The reference by India’s Minister of External Affairs SM Krishna to ‘the rubric of the PSC’ unambiguously indicates that Delhi is in agreement with a two track process, i.e. bilateral talks between GoSL and the TNA as well as the more inclusive PSC as safety net and back-stop.
The TNA’s and Western NGOs’ strident calls for an international accountability mechanism have had no resonance whatsoever in New Delhi, which has welcomed and supported the LLRC report and urges its ‘visible’ implementation.
The TNA has now expressed its interest in a foreign facilitator. Firstly, in so doing, it is being precipitate. Following the Norwegian facilitation, the majority of Sri Lankans are averse to excessive externalisation. Furthermore, the call for third party external facilitation is warranted only if there is an impasse of long duration in negotiations and not when the government is eager that the TNA participate in a multi-party process of deliberation in the country’s legislature.
Secondly, given that India is itself not interested in such a role in any formal sense, it is unlikely – despite the excellence of its new equation with the West—to welcome extra-regional intrusion in the matter.
Though it is far more realistic on the matter than the Tamil Diaspora, the TNA has not yet accepted the reality – repeatedly proven by history, including at Nandikadal— that the parameters of the possible for Sri Lankan Tamil nationalism are the limits prescribed by Delhi in accordance with its own reading of India’s national interest. Any attempt to exceed those limits are an exercise in futility, and Delhi’s limits are the 13th amendment and ‘building upon it’.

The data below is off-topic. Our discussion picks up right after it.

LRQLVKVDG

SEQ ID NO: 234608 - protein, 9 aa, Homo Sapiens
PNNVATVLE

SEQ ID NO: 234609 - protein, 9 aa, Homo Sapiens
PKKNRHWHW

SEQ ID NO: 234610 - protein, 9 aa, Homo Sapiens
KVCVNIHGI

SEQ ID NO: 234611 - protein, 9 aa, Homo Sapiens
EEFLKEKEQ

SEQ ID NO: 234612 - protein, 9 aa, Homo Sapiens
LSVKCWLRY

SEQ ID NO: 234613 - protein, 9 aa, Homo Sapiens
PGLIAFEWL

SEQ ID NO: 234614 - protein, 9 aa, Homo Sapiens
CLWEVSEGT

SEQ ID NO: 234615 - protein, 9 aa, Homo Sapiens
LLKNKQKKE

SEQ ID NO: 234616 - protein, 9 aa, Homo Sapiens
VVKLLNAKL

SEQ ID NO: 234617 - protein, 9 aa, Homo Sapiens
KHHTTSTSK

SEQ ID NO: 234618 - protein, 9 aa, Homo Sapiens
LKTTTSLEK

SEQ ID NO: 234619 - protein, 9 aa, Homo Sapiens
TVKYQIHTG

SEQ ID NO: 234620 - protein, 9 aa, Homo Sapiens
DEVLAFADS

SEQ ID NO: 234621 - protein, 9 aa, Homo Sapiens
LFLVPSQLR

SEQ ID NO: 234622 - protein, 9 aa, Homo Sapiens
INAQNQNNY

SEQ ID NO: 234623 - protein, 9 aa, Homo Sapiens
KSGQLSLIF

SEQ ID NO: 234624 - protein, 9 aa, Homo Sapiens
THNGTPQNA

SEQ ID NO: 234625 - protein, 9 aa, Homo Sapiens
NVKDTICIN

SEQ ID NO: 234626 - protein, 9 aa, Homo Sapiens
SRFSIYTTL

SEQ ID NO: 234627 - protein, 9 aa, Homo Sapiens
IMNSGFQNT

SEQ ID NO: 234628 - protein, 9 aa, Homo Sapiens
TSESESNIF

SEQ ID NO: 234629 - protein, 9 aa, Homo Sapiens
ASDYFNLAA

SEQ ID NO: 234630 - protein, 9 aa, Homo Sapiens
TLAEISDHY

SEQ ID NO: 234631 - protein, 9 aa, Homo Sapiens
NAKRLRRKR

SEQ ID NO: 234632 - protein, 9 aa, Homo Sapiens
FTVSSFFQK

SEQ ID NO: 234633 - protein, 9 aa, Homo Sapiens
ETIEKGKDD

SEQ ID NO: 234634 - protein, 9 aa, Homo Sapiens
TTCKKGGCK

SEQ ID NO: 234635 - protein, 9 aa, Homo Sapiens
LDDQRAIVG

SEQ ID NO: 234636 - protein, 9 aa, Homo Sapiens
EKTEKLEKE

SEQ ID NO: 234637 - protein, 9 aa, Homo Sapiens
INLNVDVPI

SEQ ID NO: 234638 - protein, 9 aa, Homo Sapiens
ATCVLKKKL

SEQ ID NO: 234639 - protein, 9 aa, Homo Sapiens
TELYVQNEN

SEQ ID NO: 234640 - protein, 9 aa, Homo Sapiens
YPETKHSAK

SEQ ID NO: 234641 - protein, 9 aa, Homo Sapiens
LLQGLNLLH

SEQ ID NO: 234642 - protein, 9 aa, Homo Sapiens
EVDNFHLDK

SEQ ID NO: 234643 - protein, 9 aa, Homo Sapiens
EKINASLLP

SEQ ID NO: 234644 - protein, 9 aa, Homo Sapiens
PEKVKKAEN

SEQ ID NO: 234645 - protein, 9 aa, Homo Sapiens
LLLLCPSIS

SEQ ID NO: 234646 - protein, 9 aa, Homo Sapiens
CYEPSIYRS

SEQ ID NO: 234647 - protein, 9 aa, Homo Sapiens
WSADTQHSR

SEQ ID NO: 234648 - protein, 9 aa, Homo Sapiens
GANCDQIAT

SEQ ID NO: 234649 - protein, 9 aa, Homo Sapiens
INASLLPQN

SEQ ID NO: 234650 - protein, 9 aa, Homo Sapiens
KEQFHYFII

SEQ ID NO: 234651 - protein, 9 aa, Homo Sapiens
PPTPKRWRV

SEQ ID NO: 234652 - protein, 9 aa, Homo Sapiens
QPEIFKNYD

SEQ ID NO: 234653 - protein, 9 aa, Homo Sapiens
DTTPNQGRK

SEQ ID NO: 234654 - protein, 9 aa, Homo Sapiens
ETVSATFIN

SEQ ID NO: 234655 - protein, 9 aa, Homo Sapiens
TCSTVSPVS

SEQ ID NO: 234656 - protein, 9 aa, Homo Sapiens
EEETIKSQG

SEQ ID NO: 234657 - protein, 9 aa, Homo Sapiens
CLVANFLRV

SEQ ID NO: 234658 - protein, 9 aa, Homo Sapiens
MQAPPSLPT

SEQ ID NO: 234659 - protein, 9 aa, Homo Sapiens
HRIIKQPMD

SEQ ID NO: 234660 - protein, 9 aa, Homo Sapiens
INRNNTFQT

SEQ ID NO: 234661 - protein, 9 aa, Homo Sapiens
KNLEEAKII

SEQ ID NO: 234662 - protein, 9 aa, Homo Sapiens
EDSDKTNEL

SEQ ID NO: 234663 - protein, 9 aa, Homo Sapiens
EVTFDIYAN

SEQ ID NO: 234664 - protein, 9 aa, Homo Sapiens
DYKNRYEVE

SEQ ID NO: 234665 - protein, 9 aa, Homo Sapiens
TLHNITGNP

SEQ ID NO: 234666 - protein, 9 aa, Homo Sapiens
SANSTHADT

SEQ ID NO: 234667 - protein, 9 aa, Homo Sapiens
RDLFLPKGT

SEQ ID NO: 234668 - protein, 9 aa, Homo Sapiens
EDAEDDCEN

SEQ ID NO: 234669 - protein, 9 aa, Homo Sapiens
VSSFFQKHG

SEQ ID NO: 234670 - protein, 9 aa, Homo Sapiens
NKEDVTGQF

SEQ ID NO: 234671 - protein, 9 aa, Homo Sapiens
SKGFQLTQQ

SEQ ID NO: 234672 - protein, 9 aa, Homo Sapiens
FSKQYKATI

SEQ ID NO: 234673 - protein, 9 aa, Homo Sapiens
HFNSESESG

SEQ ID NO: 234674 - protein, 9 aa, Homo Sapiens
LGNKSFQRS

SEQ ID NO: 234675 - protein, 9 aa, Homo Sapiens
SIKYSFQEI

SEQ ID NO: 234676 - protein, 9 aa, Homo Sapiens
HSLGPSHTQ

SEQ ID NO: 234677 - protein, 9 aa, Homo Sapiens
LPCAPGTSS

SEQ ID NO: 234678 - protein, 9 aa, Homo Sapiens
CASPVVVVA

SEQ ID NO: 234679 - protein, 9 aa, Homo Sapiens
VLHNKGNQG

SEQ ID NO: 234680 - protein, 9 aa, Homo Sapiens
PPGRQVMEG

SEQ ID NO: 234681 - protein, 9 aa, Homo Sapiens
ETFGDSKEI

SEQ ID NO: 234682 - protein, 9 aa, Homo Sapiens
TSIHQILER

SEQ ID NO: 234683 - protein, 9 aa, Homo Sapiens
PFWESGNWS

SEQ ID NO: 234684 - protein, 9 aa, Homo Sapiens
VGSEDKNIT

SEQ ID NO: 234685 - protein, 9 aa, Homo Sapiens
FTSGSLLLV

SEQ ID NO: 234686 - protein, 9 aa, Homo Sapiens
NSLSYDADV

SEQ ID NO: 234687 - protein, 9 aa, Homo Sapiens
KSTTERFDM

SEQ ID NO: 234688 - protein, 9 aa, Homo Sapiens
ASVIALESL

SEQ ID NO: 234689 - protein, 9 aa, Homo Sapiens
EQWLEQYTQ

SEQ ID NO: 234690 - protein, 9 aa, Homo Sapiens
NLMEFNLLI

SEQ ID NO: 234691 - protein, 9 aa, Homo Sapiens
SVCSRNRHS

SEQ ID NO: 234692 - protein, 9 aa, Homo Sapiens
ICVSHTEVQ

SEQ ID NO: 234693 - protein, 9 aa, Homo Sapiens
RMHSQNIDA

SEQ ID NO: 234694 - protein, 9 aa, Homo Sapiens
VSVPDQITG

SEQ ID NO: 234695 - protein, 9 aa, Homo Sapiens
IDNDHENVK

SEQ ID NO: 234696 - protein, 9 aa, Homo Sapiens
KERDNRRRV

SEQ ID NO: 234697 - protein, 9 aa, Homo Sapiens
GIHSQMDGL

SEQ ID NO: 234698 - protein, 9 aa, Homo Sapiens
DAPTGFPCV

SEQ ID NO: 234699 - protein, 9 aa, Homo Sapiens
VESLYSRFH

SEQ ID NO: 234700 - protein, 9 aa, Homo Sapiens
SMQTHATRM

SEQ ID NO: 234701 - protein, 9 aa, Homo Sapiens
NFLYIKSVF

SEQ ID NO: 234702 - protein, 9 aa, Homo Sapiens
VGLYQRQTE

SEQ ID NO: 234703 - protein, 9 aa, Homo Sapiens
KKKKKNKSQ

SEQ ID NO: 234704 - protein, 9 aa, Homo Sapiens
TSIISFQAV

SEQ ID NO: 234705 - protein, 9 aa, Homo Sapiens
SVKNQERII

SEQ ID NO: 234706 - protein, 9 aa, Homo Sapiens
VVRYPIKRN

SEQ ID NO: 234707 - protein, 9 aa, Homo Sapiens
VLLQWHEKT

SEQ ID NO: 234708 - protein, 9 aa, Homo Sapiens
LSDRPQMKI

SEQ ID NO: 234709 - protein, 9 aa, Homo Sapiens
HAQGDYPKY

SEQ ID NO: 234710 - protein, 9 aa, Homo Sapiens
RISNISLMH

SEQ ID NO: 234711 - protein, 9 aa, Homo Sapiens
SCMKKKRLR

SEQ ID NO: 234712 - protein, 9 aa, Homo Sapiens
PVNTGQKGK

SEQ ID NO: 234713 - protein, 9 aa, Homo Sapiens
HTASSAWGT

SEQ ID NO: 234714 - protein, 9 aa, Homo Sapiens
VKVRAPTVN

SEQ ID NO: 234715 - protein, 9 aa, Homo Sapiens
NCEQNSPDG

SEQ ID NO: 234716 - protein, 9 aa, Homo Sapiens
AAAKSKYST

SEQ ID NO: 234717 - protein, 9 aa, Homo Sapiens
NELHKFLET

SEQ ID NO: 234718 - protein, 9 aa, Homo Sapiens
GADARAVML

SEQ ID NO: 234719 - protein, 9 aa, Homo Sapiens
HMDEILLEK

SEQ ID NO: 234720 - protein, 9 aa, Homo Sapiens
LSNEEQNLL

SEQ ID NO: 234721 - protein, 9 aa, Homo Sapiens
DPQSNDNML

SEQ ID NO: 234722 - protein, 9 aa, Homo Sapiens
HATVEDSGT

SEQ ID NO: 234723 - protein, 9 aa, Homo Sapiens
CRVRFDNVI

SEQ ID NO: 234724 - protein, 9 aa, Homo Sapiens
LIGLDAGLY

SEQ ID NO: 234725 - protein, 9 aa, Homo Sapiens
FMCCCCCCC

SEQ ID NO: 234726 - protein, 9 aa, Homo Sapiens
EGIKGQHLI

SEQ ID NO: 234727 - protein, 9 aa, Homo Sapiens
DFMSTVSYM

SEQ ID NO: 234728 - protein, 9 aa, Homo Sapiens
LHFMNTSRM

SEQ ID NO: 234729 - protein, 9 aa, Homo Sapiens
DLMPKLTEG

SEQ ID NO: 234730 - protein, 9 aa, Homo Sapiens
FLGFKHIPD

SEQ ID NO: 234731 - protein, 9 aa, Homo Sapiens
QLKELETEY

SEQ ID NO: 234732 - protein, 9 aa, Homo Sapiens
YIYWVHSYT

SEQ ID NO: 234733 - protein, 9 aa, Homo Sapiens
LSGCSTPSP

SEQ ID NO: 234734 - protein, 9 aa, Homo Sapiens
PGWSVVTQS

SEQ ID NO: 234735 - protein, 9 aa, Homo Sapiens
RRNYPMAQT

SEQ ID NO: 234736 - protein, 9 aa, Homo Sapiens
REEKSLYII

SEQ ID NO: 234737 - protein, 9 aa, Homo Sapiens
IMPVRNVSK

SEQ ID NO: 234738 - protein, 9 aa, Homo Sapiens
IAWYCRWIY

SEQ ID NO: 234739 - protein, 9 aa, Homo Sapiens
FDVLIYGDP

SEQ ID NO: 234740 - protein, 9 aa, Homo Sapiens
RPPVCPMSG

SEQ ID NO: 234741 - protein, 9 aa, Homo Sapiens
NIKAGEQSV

By releasing on the eve of the visit by the Indian External Affairs Minister, an extensive attack on the LLRC report and reiterating its call for in international mechanism of inquiry into so-called war crimes, the TNA demonstrated three things:
i) Unconcern over the need for creating the right climate for dialogue with the government, insensitivity to Lankan public opinion and obliviousness to the party’s profile and positioning in the Lankan social and political mainstream at this point of (post- war) history
ii) Disregard for sensibilities of New Delhi, the possible negative impact upon Delhi’s ability to take up devolution with Colombo, and for the success of the Delhi-Colombo talks
iii) Increasing susceptibility to its extra-regional (Diaspora) and sub-regional (Tamil Nadu) lobbies/constituencies which have the aggressive activism and fanatical mentalities of anti-Castro Miami Cubans.